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Article

Fiber-Optic Liquid Level Sensing by Temperature Profiling with an FBG Array

1
Scuola Superiore Sant’Anna, TeCIP Institute; Via Giuseppe Moruzzi 1, 56127 Pisa, Italy
2
Infibra Technologies; Via Scornigiana 42, 56121 Ospedaletto, Italy
3
Baker Hughes, a GE Company, Nuovo Pignone Tecnologie; Via Felice Matteucci 2, 50127 Florence, Italy
*
Author to whom correspondence should be addressed.
Sensors 2018, 18(8), 2422; https://doi.org/10.3390/s18082422
Received: 21 June 2018 / Revised: 20 July 2018 / Accepted: 23 July 2018 / Published: 25 July 2018
(This article belongs to the Section Physical Sensors)

Abstract

We describe a fiber-optic system to measure the liquid level inside a container. The technique is based on the extraction of the temperature profile of the fiber by using a fiber Bragg grating (FBG) array. When the temperatures of the liquid and the gas are different, the liquid level can be estimated. We present a physical model of the system and the experimental results and we compare different algorithms to extract the liquid level from the temperature profile. We also show how air convection influences the temperature profile and the level of estimation accuracy. We finally show dynamic response measurements which are used to obtain the response time of the sensor. Turbomachinery monitoring is proposed as one possible application of the device.
Keywords: FBG; optical fiber sensor, liquid level sensor; temperature; distributed temperature sensors FBG; optical fiber sensor, liquid level sensor; temperature; distributed temperature sensors

1. Introduction

Liquid level sensing is an ubiquitous and important measurement in many industries (chemical, oil and gas, automotive, food). The request for automated systems and very accurate and reliable process control increases the need for advanced level measurement systems [1]. Different technologies used for liquid level sensing include flotation, hydrostatic pressure, electrical impedance, ultrasound reflection, radio and light reflection [2,3].
Some applications may require flexible sensors which can be adapted to different shapes of container which can be irregular. Multiple measurements along a container wall can also monitor the tilt angle.
In previous years, the use of optical fiber sensors has spread in the sensor market. Their reliability has increased and their use is becoming common in many industries, especially for temperature and strain measure. In particular, Fiber Bragg Gratings (FBG) have become common due to their capability of sensing both strain and/or temperature at many points along a fiber [4,5]. These sensors are immune to electromagnetic interference. Tthey are chemically inert, robust to harsh environments, suitable for explosive atmosphere and intrinsically passive. For these reasons, turbomachinery monitoring is one specific application which could greatly benefit from fiber-optic sensing technology.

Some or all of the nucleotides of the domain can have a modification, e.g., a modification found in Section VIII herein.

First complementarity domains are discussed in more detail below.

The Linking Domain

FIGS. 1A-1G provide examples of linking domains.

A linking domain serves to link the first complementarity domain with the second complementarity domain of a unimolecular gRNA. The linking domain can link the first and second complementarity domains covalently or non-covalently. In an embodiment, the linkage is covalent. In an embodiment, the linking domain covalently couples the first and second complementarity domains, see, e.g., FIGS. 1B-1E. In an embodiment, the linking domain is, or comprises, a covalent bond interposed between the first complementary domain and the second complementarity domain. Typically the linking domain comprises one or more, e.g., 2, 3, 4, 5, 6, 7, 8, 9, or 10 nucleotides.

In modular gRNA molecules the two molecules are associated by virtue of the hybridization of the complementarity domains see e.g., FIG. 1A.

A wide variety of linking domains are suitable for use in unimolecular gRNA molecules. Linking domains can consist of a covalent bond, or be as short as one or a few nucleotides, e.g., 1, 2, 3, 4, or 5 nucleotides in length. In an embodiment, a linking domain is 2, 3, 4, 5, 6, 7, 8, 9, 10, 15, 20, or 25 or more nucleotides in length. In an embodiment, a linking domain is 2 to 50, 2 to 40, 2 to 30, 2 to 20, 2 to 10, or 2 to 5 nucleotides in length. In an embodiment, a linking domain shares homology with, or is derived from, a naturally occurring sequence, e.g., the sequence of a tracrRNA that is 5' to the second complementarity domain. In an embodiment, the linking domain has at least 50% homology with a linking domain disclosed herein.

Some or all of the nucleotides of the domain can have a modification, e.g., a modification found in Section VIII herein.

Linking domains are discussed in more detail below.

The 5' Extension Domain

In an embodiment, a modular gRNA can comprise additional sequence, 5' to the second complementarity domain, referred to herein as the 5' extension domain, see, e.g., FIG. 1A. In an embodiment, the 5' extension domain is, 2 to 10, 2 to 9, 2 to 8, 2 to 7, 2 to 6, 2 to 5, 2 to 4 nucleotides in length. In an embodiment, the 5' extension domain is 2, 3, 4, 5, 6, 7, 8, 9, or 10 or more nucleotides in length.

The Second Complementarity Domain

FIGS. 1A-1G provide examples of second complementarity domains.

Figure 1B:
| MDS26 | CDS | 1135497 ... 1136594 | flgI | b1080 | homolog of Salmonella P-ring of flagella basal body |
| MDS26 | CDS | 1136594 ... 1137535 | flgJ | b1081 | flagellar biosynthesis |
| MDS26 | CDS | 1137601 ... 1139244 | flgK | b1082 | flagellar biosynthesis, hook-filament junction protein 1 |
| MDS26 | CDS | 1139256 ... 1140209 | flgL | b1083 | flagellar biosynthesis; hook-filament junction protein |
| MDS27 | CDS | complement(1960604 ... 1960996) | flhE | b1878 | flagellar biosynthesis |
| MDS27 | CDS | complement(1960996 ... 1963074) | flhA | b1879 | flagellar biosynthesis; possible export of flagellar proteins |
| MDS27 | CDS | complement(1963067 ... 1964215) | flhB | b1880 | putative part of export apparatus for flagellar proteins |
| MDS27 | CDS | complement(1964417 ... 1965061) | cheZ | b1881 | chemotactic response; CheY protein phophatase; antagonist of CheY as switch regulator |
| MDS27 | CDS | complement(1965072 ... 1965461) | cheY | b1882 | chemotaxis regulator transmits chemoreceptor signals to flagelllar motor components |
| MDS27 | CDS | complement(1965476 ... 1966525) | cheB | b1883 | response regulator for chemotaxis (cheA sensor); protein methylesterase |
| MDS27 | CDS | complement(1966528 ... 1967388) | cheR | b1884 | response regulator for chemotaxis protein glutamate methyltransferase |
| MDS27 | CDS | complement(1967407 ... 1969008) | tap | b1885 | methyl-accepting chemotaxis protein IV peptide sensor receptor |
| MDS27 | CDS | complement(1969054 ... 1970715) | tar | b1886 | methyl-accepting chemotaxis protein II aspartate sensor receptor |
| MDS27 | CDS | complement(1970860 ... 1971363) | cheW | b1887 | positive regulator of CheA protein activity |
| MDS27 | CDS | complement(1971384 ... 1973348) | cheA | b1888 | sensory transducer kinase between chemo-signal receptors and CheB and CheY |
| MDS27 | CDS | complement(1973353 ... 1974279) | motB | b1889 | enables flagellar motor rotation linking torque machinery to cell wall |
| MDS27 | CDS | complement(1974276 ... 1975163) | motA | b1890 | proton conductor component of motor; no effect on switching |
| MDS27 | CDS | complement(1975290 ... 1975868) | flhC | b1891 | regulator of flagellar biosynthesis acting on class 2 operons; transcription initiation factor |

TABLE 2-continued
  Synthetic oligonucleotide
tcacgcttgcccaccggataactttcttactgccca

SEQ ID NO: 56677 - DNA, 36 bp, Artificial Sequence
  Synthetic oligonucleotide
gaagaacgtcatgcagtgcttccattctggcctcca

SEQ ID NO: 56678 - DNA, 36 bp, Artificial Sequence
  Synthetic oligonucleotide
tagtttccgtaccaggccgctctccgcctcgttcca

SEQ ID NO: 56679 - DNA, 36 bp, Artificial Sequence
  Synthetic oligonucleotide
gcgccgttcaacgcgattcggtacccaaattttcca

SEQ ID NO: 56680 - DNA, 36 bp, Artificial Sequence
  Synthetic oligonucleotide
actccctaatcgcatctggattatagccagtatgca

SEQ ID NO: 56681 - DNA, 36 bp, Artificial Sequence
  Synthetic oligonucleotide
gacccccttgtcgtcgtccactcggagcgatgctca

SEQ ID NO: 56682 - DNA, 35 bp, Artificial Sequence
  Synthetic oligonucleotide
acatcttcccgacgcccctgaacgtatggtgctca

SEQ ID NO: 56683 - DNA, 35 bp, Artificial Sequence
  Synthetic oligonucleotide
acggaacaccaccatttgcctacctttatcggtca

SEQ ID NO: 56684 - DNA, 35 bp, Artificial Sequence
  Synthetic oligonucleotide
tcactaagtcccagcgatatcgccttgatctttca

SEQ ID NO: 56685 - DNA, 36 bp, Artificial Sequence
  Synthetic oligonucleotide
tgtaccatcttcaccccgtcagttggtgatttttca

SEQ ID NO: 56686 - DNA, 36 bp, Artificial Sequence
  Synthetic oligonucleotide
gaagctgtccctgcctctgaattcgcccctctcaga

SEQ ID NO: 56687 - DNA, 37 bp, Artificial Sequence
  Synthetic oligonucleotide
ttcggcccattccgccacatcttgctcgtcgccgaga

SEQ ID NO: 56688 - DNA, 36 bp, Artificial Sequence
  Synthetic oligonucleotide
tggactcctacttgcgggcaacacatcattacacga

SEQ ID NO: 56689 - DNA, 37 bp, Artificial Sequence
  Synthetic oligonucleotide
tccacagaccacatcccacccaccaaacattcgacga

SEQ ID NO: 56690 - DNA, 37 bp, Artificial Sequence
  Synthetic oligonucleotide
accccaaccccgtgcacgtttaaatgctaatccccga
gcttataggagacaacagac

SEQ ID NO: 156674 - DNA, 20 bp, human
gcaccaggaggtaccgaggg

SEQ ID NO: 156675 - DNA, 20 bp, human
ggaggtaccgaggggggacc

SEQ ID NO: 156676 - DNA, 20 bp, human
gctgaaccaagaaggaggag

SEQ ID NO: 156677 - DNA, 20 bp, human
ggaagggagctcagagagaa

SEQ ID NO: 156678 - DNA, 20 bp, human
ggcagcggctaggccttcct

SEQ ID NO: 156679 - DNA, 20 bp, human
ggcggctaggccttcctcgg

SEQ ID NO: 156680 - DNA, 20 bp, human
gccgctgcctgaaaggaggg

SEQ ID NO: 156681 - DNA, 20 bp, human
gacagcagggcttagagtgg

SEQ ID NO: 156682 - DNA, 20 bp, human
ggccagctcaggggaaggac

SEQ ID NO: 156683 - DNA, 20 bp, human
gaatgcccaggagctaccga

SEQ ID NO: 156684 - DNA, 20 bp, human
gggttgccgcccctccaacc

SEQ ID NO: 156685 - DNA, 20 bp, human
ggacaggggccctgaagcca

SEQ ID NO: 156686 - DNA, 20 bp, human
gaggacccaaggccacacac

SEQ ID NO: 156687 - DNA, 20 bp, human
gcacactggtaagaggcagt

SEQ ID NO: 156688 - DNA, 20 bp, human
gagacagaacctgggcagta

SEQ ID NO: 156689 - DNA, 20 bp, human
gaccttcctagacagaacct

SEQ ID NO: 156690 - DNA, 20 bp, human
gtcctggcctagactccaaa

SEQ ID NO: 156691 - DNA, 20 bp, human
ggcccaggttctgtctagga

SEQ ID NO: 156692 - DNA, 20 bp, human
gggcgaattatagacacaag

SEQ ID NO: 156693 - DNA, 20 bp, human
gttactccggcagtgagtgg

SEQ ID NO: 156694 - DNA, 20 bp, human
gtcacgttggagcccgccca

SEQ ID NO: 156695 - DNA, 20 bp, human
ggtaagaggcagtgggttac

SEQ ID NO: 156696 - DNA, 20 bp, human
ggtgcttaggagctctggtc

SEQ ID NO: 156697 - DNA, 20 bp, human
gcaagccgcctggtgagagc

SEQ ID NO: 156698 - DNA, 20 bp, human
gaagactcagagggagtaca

FBGs are typically unsensitive to the presence of a surrounding liquid, because the light is usually confined to the core of the fiber. However, fibers can be made sensitive to the presence of a liquid, for example, by using long-period gratings (LPGs) [6,7], laterally-etched FBGs [8], tilted FBGs [9], coreless fibers [10,11], etc. On the other hand, the presence of a liquid can be indirectly estimated by measuring a different magnitude, for example, Diaz et al. [12] used an FBG on a diaphragm to measure the hydrostatic pressure and calculate the liquid level. In reference [13], hydrostatic thrust was exploited to design a cantilever with an embedded FBG strain sensor to compute the liquid level. Bending loss or inter-fiber coupling can also be sensitive to the presence of a liquid, making a liquid sensor exploit these effects [14,15,16]. Chen and coworkers used an optical power source to actively heat the fiber, measure the thermal response of the fiber using an FBG array and to detect the level [17]. This technique does not require a temperature difference between the liquid and the gas, but it has a limited spatial range due to the fact that the heating takes place at a single point. Other fiber optical sensor solutions to liquid level measure can be found in reference [18].
In this paper, we estimate the liquid level from the temperature profile of an FBG array. If there is a temperature difference between the liquid and the gas above, one can estimate the level from the position of temperature change. Conditions of a liquid permanently at a different temperature to the surrounding environment are frequent in many industrial applications, for example, cooling liquid sumps. Furthermore, as the fiber only measures temperature, it can be protected from the environment inside a metal tube, making the sensor suitable for harsh environments.
The paper is divided as follows: first, the mathematical model of the sensor system is described in detail in Section 2.1, highlighting crucial parameters that influence the measure. Three kinds of algorithms for level estimation are proposed in Section 2.2: the first and the second ones are empirical, and the third is based on model fitting. Then, the experimental setup is described in Section 2.3. The experiments are described in Section 2.4, and their results are shown in Section 3, where we show different temperature profiles under different conditions of liquid level and air speed. The average measurement error is within ±2 mm, lower than half of the FBG spacing. We also show dynamic measurements which are used to estimate the response time of the system. Finally, the results are discussed in Section 4.